There are marketing challenges, and then there is what Showtime faced in getting the word out about the “Twin Peaks” revival.
Reboots like “Twin Peaks” promote themselves to some degree, as fans eagerly await any tidbit of information about what has transpired in the years since their favorite show went off the air. But networks will generally have the ability to start teasing the reunion via photos, clips and other teases. With “Twin Peaks,” creator David Lynch kept a firm lid on anything appearing anywhere before the show’s actual premiere on Showtime.
READ MORE: David Lynch Orchestrated Showtime’s Unusual ‘Twin Peaks’ Press Releases
But that wasn’t originally going to be the case. Don Buckley, Showtime’s chief marketing officer, told us Tuesday at the Variety TV Summit that he and his team had actually created a substantial marketing campaign featuring robust print and video materials from the show.
“We visited him and came with a stack of print solutions and pretty creative video solutions,” Buckley said. “And he served donuts as he does. In the middle of it all, he interrupted the presentation, which included some of my colleagues, and said, ‘I think Don and Eric have done a great job!’ And he started applauding, and everybody joined in on the applause.”
But wait, there’s more: “And two days later he killed everything we had showed him. The donuts were good though.”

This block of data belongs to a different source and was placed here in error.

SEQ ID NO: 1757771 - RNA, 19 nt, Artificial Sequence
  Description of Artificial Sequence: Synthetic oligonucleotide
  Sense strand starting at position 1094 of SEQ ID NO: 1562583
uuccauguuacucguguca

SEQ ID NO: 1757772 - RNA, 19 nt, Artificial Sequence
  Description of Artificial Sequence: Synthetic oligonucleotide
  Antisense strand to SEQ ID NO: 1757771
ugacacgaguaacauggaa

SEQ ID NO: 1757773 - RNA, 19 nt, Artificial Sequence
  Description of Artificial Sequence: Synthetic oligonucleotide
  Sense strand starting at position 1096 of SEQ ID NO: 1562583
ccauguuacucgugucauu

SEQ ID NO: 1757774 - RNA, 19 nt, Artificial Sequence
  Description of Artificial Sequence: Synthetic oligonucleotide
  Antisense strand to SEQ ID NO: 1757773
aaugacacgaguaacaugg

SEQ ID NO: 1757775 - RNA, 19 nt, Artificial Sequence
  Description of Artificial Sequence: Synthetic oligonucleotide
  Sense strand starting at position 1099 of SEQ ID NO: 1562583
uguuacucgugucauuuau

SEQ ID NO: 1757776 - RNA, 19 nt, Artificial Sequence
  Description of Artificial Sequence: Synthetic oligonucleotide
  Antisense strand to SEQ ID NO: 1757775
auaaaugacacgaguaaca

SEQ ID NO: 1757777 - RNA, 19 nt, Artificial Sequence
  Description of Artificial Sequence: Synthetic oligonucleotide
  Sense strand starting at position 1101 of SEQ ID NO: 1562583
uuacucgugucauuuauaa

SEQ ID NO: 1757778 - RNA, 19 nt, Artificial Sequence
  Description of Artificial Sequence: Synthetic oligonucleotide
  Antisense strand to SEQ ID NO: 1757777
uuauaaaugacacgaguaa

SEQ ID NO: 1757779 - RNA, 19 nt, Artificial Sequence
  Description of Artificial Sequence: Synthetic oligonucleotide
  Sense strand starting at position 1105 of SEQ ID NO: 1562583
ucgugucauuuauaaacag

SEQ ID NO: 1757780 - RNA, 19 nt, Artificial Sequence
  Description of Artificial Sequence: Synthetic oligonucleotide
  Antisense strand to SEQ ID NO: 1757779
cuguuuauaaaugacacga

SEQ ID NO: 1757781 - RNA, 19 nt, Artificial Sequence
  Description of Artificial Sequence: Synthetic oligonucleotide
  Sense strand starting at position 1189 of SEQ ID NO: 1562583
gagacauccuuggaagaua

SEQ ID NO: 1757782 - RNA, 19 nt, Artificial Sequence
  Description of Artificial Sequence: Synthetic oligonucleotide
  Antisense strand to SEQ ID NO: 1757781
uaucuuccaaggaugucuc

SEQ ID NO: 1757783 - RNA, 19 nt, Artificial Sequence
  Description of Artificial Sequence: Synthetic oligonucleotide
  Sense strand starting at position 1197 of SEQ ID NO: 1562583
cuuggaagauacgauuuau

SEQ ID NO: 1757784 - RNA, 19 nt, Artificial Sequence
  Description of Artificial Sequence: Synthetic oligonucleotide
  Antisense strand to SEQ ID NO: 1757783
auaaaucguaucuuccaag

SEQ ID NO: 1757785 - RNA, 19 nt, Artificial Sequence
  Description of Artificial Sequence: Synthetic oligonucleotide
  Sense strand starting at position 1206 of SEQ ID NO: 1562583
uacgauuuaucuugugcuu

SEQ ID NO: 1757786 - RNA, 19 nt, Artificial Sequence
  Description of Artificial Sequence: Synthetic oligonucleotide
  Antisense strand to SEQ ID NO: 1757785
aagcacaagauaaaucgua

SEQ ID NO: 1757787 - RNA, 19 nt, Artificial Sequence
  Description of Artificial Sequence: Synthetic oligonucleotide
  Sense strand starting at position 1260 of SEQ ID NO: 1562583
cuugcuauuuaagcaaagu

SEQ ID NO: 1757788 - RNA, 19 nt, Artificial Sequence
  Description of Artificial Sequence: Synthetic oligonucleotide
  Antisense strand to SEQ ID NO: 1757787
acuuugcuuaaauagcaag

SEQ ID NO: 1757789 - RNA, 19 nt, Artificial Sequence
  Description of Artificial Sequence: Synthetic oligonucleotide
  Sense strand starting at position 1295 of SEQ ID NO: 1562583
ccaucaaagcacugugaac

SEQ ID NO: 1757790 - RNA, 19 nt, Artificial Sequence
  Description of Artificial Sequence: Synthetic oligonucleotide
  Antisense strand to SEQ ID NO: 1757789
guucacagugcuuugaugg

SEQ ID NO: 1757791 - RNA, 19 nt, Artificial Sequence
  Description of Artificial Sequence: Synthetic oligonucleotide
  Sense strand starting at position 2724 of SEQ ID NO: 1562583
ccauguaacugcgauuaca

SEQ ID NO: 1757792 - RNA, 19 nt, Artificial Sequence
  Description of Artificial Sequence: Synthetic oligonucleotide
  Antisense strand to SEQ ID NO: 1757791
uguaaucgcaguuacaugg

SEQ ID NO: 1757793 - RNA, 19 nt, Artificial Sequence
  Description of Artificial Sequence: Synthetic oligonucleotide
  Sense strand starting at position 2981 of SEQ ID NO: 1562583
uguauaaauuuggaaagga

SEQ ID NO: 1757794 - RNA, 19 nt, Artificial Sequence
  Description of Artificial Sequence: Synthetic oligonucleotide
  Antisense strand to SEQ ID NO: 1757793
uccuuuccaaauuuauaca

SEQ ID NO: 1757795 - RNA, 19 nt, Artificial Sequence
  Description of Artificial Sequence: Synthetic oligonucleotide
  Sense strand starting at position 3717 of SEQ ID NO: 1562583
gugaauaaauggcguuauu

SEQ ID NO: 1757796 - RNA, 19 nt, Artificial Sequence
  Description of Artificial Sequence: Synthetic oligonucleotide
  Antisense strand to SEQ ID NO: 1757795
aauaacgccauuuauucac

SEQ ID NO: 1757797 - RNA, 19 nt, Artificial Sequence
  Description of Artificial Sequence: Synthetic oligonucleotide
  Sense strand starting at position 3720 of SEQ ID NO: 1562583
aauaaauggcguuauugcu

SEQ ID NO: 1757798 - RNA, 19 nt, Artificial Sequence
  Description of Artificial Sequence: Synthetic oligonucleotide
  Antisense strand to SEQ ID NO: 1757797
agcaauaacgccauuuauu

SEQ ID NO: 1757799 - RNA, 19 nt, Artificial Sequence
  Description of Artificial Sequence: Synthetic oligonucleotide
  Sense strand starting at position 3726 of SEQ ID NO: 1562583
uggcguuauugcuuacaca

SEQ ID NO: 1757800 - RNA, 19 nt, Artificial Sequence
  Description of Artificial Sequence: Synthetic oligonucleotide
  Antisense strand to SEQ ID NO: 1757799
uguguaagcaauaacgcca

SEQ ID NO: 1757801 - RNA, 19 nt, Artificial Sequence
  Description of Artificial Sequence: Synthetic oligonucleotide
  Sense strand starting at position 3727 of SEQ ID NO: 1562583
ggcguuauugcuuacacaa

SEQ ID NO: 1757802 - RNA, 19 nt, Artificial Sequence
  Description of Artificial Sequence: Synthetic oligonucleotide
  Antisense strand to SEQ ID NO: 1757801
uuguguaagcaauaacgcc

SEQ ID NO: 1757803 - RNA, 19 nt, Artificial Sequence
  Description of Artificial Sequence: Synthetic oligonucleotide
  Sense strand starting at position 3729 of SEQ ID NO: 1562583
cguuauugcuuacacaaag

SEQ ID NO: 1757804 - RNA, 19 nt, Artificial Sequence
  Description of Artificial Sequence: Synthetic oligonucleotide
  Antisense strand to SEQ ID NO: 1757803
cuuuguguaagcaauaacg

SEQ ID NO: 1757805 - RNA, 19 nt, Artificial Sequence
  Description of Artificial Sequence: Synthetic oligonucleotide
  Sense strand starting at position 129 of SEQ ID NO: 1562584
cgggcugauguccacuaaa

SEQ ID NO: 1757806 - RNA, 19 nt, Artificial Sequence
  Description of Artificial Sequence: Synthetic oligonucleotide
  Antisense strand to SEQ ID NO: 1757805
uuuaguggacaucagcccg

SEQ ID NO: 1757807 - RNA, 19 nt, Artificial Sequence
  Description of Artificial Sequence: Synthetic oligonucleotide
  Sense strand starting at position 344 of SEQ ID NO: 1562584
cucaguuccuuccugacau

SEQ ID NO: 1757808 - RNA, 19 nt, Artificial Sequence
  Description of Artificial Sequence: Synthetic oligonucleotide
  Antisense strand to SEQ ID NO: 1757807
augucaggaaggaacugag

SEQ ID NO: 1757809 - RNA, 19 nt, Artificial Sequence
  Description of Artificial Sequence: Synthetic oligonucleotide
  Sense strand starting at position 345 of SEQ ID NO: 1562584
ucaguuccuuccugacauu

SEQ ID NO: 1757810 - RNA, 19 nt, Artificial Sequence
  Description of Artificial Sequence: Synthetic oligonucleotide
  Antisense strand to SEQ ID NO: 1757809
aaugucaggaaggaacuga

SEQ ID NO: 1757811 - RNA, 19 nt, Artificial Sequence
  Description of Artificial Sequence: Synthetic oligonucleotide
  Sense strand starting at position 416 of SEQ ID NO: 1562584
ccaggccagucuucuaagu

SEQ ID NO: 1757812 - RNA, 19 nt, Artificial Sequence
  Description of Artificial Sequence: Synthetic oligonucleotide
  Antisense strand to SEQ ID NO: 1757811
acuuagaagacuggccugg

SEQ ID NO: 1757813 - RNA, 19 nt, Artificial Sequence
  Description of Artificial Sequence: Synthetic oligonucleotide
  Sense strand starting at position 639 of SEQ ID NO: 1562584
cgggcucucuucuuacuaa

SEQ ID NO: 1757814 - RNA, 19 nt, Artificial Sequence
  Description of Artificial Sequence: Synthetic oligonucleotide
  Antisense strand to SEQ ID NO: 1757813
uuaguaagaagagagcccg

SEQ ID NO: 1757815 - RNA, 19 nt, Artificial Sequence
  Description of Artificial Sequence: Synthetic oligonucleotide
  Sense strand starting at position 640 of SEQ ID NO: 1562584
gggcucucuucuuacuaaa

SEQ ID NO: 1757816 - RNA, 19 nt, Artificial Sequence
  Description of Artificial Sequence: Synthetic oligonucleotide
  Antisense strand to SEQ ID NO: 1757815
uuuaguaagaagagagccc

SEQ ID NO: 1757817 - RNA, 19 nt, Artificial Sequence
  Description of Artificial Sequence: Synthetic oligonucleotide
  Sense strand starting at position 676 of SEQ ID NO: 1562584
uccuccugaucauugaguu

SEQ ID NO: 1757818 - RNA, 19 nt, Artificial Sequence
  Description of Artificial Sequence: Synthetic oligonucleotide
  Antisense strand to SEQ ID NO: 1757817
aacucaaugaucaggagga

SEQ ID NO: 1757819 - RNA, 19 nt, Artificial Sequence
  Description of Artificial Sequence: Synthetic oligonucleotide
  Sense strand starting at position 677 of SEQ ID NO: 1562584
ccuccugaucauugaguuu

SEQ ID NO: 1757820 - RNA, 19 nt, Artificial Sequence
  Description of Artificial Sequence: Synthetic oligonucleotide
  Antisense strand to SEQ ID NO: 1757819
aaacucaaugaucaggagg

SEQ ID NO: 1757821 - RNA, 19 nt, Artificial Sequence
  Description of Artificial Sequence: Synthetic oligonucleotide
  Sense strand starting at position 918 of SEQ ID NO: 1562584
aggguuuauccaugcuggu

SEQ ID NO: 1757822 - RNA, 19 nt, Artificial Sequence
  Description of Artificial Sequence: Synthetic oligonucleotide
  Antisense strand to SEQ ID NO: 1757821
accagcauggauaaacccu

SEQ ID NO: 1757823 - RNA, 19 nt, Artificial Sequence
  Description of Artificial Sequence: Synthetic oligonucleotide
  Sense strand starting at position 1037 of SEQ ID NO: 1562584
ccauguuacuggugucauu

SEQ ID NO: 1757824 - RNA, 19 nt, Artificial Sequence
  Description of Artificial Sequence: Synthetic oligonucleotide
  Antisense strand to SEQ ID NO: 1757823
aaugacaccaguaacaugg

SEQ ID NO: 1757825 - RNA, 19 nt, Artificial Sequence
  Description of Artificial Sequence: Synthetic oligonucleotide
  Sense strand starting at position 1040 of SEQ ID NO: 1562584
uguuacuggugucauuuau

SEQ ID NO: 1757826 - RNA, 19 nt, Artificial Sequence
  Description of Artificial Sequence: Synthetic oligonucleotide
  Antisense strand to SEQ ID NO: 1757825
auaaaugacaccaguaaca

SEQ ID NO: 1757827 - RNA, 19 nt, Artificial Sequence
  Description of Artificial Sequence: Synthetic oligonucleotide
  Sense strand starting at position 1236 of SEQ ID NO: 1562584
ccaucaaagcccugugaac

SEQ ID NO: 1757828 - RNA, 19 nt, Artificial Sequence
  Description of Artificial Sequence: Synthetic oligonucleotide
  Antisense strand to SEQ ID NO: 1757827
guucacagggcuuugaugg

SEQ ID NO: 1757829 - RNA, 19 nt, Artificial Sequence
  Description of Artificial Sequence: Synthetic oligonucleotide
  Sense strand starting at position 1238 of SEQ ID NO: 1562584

One idea did manage to escape that meeting and come into being, however – perhaps because it didn’t include any actual footage from the show. “It was just an overhead shot of a cherry pie with a piece missing,” Buckley said. “We put that on some billboards in some appropriate locations around the country that had something to do with the story or the mythology of ‘Twin Peaks.'”
READ MORE: ‘Twin Peaks’ Mysterious Cherry Pie Billboards Appear Across the Country
With very little to work with, Buckley said Showtime’s marketing team instead relied heavily on the show’s original Seasons 1 and 2, from 27 years ago. “We had free rein of those materials like the Red Room and the Black Lodge, the bar, the sheriff’s office, the exterior shots,” he said, “and of course, the iconic high school graduation shot of Laura Palmer which we just beat to death in advertising.”
Ultimately, Buckley said the restrictive nature of what Showtime could use in marketing the show “created this blizzard of creativity in our social team.” And he thinks the cone of silence surrounding the show ultimately paid off.
“I think we did it,” he said. “‘Twin Peaks’ broke all kinds of records for us for single-night subscriber acquisition. I think it helped cement the brand quite a bit. We still have 12 parts to go. We’ll see what happens then. It was a challenge and a negotiation.”
The marketing challenge is similar to what the network’s press team faced in promoting the show to press (including the unusual press releases announcing the entire cast and crew, which was orchestrated by Lynch). And it was Lynch himself who orchestrated the “Twin Peaks” revival’s appearance at this year’s Cannes Film Festival – something very few people inside Showtime even knew about until it was announced.
But now “Twin Peaks” is live, the early secrets are out and Showtime marketing execs can go ahead and have another piece of pie.
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